Defense witness testifies to Mladic’s role in Branjevo killings:  On 19 May 2015 it was reported that Dragan Todorovic, a former Bosnian Serb soldier, testified as a defence witness in the trial against Ratko Mladic.  Todorovic testified as to his position on the Vlasenica platoon of the 10th Sabotage Detachment.which took part in the mass execution of Bosnian Muslims on the Branjevo farm in July 1995.  Todorovic’s testimony addressed orders about the killings and about the relationship between Milorad Pelemis, who was Todorovic’s commander in the unit and a previous defence witness for Mladic, and Ratko Mladic.  On cross examination the Prosecution highlighted the close links between Pelemis and Mladic; submitting Todorovic’s previous testimony to this issue in the ICTY trial against Radovan Karadzic. (Global Voices)

Leave a comment

10 April 2015 – NEWS ABOUT THE COURTS

Spanish judge approves genocide charges concerning Western Sahara crimes: Genocide charges against current and former Moroccan officials for crimes against humanity from 1975-1991 have been approved by a Spanish judge. These crimes occurred in Western Sahara, a former Spanish colony. Former Moroccan governor, Abdelhafid Ben Hachem, is one of the officials that stands accused. Spanish Deputy Prime Minister Soraya Saenz de Maria stated that the Spanish government respected the judicial decision, but no comment was made on possible extradition of the officials. (News24, ABCNews) (for additional information click here)

High Commissioner for HR reports evidence of crimes by and against Boko Haram: United Nations High Commissioner for Human Rights, Jordan’s Zeid Ra’ad Zeid Al-Hussein, stated that his office received reports finding further evidence of Boko Haram crimes that could constitute as war crimes and crimes against humanity. Mass graves and other evidence of killings have been found in north-eastern parts of Nigeria. The Islamist group Boko Haram has attempted to expand its activities. Al-Hussein also received credible reports of crimes committed by Nigerian and other international forces against Boko Haram. Al-Hussein called for a transparent investigation into these allegations. (Today Online, Christian Today) (for additional information click here)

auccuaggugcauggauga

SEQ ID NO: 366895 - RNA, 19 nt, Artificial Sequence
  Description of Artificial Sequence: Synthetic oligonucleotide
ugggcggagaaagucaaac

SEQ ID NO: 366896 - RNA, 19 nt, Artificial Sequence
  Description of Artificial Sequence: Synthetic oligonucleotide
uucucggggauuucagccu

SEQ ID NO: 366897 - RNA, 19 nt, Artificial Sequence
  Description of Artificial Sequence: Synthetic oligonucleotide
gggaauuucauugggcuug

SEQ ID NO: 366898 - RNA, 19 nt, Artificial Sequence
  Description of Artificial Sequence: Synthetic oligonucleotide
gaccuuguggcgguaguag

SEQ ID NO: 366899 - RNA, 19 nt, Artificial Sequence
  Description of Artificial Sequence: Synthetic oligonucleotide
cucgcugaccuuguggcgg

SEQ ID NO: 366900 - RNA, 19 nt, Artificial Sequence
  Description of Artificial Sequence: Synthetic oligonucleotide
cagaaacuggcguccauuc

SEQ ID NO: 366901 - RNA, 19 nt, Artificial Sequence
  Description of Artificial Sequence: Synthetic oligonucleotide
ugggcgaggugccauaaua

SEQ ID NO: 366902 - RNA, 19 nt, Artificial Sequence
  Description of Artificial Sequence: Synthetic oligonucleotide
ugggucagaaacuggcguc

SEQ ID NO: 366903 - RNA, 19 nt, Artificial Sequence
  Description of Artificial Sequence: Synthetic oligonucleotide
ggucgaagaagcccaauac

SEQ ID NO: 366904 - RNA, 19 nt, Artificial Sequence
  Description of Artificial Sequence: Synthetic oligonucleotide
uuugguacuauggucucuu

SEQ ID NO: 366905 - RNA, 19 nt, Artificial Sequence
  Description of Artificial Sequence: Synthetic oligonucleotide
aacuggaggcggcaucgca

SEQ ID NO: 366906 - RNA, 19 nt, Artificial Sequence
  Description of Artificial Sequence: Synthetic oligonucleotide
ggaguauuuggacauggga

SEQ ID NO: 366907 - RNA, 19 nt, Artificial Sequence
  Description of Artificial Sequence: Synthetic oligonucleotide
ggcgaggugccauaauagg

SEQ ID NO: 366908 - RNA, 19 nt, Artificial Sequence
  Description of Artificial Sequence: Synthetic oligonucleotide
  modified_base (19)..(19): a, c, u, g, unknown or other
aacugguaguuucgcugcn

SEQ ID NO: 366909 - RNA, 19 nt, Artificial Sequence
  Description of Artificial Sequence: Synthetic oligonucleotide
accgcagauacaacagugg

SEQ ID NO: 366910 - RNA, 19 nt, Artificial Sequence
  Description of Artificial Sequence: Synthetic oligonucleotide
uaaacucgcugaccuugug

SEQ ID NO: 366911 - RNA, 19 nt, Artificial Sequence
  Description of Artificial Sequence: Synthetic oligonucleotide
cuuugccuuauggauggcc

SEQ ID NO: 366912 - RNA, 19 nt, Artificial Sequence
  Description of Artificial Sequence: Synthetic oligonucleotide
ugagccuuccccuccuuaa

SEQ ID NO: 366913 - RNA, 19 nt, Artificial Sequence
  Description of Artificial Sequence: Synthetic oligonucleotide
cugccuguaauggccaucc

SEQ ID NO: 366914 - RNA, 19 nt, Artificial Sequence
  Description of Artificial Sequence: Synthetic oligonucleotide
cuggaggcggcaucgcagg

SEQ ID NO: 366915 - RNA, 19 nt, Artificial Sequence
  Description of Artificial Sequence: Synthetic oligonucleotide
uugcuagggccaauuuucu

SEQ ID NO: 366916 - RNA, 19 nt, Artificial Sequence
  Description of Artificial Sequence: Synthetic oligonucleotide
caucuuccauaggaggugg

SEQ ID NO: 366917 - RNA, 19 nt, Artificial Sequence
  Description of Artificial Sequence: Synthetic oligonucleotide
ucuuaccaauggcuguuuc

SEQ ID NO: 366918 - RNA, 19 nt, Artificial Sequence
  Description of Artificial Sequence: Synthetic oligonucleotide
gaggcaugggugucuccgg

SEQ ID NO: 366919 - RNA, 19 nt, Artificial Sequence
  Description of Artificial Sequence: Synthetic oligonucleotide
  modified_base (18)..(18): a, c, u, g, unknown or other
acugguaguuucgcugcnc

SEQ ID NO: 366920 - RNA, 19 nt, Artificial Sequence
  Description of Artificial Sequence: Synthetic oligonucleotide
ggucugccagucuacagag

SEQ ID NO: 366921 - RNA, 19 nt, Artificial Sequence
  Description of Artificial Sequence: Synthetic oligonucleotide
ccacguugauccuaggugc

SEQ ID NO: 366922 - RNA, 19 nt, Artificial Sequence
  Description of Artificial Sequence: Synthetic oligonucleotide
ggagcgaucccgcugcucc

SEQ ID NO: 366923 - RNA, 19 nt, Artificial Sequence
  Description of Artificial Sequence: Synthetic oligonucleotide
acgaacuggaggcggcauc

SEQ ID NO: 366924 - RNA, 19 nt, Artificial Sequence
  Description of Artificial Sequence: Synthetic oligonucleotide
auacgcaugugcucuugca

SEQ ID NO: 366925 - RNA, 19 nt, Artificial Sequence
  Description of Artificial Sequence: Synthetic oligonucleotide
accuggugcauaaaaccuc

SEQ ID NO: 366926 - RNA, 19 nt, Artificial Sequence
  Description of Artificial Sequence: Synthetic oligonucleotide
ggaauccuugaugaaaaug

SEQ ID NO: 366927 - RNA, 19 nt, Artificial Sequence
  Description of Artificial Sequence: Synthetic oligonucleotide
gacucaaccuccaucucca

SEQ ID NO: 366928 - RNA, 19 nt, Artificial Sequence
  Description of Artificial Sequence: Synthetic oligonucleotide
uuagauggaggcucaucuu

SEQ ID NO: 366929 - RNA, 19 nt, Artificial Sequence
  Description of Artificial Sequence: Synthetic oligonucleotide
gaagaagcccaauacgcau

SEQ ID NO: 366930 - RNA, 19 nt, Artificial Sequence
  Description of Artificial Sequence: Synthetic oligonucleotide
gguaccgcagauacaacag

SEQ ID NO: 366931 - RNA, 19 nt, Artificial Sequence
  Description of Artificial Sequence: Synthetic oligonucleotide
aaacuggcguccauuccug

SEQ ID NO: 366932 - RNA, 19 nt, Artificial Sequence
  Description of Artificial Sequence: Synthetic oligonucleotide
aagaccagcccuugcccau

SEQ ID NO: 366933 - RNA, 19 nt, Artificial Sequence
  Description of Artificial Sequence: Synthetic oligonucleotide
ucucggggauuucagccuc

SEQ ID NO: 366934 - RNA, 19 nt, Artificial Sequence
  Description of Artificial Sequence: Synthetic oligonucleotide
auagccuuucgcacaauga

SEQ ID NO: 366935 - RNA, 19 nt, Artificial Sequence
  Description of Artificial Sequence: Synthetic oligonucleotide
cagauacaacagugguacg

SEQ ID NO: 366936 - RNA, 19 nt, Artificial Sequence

Report cites to additional evidence of crimes in Ukraine: Amnesty International stated that there is additional evidence of crimes committed by Kremlin-backed fighters of Ukranian prisoners. Russian mercenary Arseniy Pavlov confessed to killing Ukrainian prisoner of war Ihor Branovytsky and 15 other Ukranian prisoners. This comes from the Pavlov’s taped confession and there are reports of further evidence that might be considered war crimes. Based on this evidence, Amnesty has called for prompt investigations and prosecutions into these crimes. (Kyiv Post, The Guardian) (for additional information click here)

Obama expected to speak to Castro about HR in Cuba: President Barack Obama is expected to speak with Cuban President Raul Castro concerning human rights. U.S. Assistant Secretary of State Roberta Jacobson stated that the interaction would occur during the Summit of the Americas in Panama 10-11 April. Jacobson stated that Obama stated that the U.S. thinks the current circumstances of human rights in Cuba is inadequate. (Voice of America News)

Leave a comment